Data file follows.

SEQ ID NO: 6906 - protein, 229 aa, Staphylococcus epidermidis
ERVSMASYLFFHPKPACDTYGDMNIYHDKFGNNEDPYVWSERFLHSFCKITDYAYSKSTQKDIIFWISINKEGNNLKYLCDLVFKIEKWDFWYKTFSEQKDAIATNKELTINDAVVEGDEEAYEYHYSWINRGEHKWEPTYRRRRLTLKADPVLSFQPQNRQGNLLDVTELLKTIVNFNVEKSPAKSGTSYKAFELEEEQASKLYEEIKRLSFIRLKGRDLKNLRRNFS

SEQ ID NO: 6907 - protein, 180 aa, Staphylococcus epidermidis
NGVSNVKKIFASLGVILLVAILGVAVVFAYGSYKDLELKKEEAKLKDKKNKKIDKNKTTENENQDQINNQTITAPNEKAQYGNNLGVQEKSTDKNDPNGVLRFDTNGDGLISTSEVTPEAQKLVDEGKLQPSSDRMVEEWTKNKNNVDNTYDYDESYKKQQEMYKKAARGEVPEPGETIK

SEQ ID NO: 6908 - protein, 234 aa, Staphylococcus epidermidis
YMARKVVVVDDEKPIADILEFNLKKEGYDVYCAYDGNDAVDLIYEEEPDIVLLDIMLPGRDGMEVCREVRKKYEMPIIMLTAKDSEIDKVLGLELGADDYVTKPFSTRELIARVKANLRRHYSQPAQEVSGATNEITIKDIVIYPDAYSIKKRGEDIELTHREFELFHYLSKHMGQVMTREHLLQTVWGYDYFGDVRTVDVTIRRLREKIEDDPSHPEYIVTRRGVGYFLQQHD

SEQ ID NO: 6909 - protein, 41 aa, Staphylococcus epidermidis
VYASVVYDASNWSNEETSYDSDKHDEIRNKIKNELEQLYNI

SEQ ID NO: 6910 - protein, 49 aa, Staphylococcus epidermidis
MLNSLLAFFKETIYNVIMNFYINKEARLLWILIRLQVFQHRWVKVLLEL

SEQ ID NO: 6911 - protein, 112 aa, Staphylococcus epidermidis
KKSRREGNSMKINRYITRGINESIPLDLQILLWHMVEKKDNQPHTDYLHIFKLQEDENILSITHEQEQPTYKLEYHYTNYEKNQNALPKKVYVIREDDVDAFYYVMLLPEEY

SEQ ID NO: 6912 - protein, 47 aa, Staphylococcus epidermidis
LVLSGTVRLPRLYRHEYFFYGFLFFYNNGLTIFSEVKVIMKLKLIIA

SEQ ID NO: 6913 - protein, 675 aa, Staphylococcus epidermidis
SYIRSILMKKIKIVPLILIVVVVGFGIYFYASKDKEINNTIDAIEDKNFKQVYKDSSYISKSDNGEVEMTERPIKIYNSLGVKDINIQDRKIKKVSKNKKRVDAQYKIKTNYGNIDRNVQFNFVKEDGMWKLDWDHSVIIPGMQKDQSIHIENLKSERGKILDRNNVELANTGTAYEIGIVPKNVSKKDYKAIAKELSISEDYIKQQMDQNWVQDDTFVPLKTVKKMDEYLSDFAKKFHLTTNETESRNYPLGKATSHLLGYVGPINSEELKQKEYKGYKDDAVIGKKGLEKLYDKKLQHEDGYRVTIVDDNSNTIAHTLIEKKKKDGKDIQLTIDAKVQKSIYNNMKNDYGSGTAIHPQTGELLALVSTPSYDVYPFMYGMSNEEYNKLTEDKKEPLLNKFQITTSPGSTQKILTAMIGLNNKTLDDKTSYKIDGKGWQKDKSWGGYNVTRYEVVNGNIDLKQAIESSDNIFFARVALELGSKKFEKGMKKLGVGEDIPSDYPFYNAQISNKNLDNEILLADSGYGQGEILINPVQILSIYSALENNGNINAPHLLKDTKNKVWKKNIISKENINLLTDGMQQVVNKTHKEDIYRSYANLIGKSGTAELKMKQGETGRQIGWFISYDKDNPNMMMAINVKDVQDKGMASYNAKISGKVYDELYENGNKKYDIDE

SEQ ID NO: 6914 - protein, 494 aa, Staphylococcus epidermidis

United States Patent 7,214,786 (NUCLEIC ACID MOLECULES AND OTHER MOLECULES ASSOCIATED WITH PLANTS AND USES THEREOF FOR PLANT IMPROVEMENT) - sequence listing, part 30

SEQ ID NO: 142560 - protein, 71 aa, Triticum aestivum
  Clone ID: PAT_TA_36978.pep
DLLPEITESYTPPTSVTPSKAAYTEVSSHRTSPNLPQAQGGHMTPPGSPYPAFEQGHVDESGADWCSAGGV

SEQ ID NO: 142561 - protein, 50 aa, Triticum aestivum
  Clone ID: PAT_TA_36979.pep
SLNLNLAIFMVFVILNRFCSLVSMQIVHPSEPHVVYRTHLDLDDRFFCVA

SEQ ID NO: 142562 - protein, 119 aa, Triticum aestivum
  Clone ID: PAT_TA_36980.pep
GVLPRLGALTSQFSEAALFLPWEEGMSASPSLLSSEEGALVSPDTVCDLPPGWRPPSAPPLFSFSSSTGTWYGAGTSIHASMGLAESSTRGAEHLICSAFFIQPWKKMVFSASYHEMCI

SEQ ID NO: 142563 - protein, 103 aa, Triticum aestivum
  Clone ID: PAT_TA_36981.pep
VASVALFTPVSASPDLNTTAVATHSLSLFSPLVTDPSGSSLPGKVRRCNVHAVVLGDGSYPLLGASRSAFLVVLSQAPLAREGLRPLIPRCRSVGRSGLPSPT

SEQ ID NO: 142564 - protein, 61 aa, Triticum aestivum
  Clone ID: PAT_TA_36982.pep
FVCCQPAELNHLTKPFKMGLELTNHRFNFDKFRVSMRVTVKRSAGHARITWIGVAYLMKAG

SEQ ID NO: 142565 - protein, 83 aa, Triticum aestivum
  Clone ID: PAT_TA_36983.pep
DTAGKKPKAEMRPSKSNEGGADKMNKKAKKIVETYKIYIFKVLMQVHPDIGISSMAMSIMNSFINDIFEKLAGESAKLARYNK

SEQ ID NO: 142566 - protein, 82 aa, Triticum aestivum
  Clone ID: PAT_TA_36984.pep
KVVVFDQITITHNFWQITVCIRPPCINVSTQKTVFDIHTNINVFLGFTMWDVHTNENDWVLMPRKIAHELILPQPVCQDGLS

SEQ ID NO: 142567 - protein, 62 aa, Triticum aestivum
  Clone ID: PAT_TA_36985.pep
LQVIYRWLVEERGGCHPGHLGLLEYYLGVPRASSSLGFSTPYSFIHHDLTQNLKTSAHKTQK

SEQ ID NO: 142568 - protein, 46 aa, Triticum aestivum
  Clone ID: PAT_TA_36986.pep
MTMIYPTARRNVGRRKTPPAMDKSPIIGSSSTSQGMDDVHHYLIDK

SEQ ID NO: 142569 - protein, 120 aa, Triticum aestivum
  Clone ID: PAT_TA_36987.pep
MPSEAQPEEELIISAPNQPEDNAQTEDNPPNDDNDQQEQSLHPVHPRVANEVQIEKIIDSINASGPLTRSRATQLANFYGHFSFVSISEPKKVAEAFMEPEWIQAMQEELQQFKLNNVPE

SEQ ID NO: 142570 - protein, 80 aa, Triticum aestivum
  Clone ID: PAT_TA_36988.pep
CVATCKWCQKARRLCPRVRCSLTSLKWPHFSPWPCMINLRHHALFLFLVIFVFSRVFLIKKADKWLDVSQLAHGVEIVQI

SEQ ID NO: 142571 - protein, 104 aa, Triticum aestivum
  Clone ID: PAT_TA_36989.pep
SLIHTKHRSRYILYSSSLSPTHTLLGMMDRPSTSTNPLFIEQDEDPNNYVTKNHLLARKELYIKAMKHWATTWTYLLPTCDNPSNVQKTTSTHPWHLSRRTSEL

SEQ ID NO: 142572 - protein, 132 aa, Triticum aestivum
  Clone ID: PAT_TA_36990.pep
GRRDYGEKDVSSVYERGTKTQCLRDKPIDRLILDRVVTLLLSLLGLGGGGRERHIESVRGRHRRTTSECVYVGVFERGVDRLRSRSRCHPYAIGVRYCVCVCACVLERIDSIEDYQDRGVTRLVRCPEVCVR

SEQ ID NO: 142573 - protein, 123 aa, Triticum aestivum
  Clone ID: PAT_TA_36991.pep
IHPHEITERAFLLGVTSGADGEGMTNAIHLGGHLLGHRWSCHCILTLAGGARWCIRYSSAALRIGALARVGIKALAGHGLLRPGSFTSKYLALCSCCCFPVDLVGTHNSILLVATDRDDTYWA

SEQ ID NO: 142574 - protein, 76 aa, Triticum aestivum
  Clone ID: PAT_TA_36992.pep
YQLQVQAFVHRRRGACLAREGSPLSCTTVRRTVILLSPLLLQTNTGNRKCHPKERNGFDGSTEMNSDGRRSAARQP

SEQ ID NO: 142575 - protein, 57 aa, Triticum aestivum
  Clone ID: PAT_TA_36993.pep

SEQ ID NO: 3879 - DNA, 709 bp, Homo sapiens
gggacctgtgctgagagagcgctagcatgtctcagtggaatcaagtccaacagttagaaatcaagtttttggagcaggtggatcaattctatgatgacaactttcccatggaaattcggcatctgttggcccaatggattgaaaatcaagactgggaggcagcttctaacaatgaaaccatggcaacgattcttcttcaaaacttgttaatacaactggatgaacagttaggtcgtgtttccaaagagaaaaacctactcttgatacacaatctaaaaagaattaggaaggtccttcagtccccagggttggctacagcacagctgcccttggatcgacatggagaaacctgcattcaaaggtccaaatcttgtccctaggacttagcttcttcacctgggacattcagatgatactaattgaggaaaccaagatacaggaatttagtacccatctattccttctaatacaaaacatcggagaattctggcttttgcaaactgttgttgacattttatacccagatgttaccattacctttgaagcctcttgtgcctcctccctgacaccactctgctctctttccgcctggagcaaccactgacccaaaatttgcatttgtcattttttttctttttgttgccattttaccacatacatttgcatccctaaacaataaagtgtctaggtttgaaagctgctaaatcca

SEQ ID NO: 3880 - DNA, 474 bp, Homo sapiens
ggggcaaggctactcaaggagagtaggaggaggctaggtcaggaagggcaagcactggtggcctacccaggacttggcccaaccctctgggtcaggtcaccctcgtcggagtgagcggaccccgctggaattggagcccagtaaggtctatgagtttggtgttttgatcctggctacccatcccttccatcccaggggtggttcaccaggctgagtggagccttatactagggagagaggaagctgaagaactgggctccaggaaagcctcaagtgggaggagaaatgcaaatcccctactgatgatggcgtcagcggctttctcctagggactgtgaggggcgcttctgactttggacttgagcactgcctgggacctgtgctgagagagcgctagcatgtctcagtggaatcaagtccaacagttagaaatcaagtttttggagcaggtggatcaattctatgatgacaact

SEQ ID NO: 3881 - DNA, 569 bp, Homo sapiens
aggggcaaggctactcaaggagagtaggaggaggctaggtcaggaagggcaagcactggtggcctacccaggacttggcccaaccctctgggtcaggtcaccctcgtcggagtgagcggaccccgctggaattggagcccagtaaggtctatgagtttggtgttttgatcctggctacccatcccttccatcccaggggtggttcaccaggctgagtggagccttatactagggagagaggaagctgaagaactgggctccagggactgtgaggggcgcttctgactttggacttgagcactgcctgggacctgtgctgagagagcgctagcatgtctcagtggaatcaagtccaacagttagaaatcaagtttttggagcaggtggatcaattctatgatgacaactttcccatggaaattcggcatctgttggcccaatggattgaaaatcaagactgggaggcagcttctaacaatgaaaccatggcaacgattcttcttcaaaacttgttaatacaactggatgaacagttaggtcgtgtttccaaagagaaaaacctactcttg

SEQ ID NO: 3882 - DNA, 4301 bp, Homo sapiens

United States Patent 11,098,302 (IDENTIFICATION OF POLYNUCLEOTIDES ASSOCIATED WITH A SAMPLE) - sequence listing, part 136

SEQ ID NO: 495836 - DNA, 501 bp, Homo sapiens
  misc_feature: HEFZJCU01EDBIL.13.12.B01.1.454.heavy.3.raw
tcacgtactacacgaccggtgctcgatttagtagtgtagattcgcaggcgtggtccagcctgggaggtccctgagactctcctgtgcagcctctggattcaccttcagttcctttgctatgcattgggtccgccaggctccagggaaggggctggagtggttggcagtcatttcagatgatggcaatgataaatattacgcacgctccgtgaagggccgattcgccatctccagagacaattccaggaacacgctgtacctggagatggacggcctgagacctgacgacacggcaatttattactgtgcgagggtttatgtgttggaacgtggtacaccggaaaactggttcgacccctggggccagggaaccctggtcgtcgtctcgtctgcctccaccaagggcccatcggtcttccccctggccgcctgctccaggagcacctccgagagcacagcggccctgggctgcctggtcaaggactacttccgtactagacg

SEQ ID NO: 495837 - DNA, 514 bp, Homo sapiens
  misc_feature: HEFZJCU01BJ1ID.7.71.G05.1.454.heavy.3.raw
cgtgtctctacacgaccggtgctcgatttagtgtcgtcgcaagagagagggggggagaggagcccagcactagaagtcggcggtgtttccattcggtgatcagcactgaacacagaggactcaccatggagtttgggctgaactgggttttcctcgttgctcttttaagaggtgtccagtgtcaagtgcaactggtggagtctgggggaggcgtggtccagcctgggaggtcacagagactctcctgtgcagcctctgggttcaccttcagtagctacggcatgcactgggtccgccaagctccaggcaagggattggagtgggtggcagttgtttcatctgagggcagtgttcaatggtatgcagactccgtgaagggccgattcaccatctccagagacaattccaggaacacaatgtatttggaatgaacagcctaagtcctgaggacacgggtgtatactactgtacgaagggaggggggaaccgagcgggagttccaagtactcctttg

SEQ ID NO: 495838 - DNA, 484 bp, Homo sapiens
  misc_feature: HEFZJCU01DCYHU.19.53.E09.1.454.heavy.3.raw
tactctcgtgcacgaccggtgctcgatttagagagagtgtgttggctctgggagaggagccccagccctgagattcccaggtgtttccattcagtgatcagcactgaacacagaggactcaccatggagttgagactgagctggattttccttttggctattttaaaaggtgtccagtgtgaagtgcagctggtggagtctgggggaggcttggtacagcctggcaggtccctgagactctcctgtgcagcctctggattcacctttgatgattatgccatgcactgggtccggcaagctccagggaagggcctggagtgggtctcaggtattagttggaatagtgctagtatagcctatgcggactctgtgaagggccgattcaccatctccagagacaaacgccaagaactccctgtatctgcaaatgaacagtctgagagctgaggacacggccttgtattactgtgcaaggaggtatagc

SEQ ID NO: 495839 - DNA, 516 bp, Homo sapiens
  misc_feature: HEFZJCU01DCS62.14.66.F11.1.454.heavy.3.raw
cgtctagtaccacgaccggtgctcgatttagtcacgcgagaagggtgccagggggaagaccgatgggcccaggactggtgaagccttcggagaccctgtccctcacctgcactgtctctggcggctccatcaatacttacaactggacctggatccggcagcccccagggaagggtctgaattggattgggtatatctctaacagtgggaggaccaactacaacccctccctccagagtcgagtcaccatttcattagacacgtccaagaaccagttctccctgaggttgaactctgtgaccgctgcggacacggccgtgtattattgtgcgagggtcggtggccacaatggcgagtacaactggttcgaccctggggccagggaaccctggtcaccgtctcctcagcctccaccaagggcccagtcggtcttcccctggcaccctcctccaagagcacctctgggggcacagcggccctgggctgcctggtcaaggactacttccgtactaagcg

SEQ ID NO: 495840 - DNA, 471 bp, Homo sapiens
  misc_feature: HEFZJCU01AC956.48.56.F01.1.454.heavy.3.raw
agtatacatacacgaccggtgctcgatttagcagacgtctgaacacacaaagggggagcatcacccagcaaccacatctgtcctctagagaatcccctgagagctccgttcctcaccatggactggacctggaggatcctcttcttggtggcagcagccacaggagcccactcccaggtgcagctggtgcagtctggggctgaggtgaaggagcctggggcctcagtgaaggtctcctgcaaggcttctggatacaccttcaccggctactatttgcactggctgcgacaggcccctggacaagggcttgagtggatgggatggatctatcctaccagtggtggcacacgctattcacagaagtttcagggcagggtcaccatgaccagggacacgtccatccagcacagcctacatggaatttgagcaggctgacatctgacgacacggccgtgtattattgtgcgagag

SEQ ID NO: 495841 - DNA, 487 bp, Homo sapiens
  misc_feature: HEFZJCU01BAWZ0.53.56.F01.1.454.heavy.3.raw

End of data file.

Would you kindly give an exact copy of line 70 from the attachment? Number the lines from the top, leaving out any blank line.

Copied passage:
SEQ ID NO: 3881 - DNA, 569 bp, Homo sapiens